articles by Urmi Chanda-Vaz


Using artwork to voice dissent

TV Santhosh represents a breed of artists that is not afraid to mix art with activism


When a fine artist draws a ‘full circle’

Husain’s ‘Zameen’ will represent India at Venice Biennale; Qatar is exhibiting his works


Art for a nation’s cause

Bose was perhaps the natural — and ideal — choice for projects of national importance


History be damned in Bollywood

When it comes to depicting history, Bollywood never gets its script right, as Kalank proves again. The industry has no time for authenticity


The Great Primitivist

The artist's most recognisable themes include sensuous Santhal women, episodes from Indian mythology, scenes from country life, landscapes, cats, and Jesus, especially The Last Supper


A brush with a legend: Haku Shah

Haku Shah’s creations combined the fine with the folk, scholarship with skill, and profundity with humility


Toon Cinema gets a Ray of Hope and Joy

A new animation film that re-imagines Satyajit Ray’s evergreen Goopy-Bagha adventure might just be the affirmation that children’s cinema in India needs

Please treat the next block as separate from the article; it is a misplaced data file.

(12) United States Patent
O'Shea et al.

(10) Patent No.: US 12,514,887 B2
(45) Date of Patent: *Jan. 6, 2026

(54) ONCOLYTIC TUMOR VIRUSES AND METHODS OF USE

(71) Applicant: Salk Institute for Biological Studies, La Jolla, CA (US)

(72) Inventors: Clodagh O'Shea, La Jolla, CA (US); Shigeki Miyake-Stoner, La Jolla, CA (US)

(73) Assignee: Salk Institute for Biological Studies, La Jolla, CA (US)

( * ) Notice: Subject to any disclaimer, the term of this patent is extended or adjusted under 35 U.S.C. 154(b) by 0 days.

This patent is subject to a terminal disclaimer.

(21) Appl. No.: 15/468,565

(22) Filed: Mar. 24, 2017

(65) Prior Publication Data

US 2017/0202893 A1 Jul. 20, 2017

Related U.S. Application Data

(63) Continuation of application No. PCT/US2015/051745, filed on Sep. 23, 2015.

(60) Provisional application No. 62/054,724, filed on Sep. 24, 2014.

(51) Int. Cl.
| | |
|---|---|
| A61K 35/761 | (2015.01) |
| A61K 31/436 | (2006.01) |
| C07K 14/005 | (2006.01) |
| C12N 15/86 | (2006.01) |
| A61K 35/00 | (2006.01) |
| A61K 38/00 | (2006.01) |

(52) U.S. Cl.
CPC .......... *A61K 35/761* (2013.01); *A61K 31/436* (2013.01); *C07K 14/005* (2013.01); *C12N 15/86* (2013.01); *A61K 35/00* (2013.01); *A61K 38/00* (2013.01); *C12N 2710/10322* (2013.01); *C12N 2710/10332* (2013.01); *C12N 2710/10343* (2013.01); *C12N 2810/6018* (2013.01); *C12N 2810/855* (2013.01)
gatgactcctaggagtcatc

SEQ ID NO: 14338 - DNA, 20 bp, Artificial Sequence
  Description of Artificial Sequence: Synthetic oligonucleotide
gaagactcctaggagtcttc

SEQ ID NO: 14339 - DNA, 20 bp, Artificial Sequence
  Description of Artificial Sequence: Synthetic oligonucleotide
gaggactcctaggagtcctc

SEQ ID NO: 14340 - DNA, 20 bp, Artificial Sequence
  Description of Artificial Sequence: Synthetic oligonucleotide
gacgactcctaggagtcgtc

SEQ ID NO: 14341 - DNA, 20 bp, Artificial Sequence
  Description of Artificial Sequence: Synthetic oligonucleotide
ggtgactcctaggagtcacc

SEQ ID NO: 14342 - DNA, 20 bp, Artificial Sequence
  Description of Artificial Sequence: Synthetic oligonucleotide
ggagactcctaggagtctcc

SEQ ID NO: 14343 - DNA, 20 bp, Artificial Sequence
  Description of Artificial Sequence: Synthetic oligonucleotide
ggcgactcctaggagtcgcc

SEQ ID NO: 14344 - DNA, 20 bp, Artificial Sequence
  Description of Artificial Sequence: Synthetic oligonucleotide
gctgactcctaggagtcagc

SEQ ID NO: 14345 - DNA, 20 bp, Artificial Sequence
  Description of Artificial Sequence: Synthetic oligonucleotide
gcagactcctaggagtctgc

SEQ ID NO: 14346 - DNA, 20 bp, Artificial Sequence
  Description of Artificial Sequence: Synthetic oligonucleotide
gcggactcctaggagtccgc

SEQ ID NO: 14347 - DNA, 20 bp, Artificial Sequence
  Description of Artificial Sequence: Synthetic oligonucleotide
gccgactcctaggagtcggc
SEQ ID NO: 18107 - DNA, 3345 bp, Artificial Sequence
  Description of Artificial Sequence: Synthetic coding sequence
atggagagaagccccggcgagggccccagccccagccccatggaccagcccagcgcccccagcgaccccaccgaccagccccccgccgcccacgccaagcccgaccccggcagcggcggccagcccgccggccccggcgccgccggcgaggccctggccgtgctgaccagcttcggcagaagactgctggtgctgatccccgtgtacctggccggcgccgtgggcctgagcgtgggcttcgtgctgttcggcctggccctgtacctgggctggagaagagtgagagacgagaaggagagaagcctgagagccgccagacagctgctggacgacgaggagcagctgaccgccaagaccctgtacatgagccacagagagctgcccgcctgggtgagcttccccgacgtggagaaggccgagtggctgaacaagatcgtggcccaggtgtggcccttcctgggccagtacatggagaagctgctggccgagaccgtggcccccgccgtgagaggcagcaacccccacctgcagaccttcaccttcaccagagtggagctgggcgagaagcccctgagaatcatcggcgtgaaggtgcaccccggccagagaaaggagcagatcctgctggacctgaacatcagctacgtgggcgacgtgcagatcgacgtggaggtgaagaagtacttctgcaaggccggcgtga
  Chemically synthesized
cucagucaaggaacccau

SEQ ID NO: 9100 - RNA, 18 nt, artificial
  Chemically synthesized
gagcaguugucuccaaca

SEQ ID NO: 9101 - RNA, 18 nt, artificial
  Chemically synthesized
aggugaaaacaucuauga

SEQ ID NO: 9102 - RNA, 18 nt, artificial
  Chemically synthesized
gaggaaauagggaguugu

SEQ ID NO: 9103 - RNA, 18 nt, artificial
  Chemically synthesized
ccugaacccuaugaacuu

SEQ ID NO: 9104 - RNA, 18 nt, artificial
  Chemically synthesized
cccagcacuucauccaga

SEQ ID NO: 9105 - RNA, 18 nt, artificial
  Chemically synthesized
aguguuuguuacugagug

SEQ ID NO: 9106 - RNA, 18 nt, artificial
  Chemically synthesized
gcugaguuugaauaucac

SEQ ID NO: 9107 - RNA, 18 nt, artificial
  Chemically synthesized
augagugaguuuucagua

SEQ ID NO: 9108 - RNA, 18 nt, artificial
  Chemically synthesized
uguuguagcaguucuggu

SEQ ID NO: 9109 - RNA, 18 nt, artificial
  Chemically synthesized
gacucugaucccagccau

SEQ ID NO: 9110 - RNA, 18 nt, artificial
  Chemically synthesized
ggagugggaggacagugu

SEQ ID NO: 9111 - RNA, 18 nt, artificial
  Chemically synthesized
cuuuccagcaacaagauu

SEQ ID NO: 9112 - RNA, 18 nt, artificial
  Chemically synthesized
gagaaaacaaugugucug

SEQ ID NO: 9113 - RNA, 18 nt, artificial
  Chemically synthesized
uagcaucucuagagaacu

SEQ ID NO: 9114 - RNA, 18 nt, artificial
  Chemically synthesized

With Mowgli: Legend of the Jungle, films based on fairy tales no longer offer a happily-ever-after

Though Mowgli: Legend of the Jungle comes close on the heel of Disney’s The Jungle Book (2016), it holds its own because of Andy Serkis’s darker rendition.


Abhijeet Deshpande's Kashinath Ghanekar biopic brings the past to life with great performances

As far as being faithful to the past goes, director Abhijeet Deshpande’s Ani… Dr Kashinath Ghanekar makes a decent debut.


With Thugs Of Hindostan, Bollywood showcases its penchant for glamour over authenticity in period dramas

When it comes to depicting historical characters and settings, mainstream Bollywood just cannot get their script right, as the latest biggie Thugs Of Hindostan proves yet again. The case is worse for fantasy and mythology flicks.


Regional literature finds new readers across India, thanks to excellent translations, a dedicated litfest

Readers of Indian English are beginning to wake up to the pleasures of regional literature, thanks to translators, publishers and literary foundations joining forces.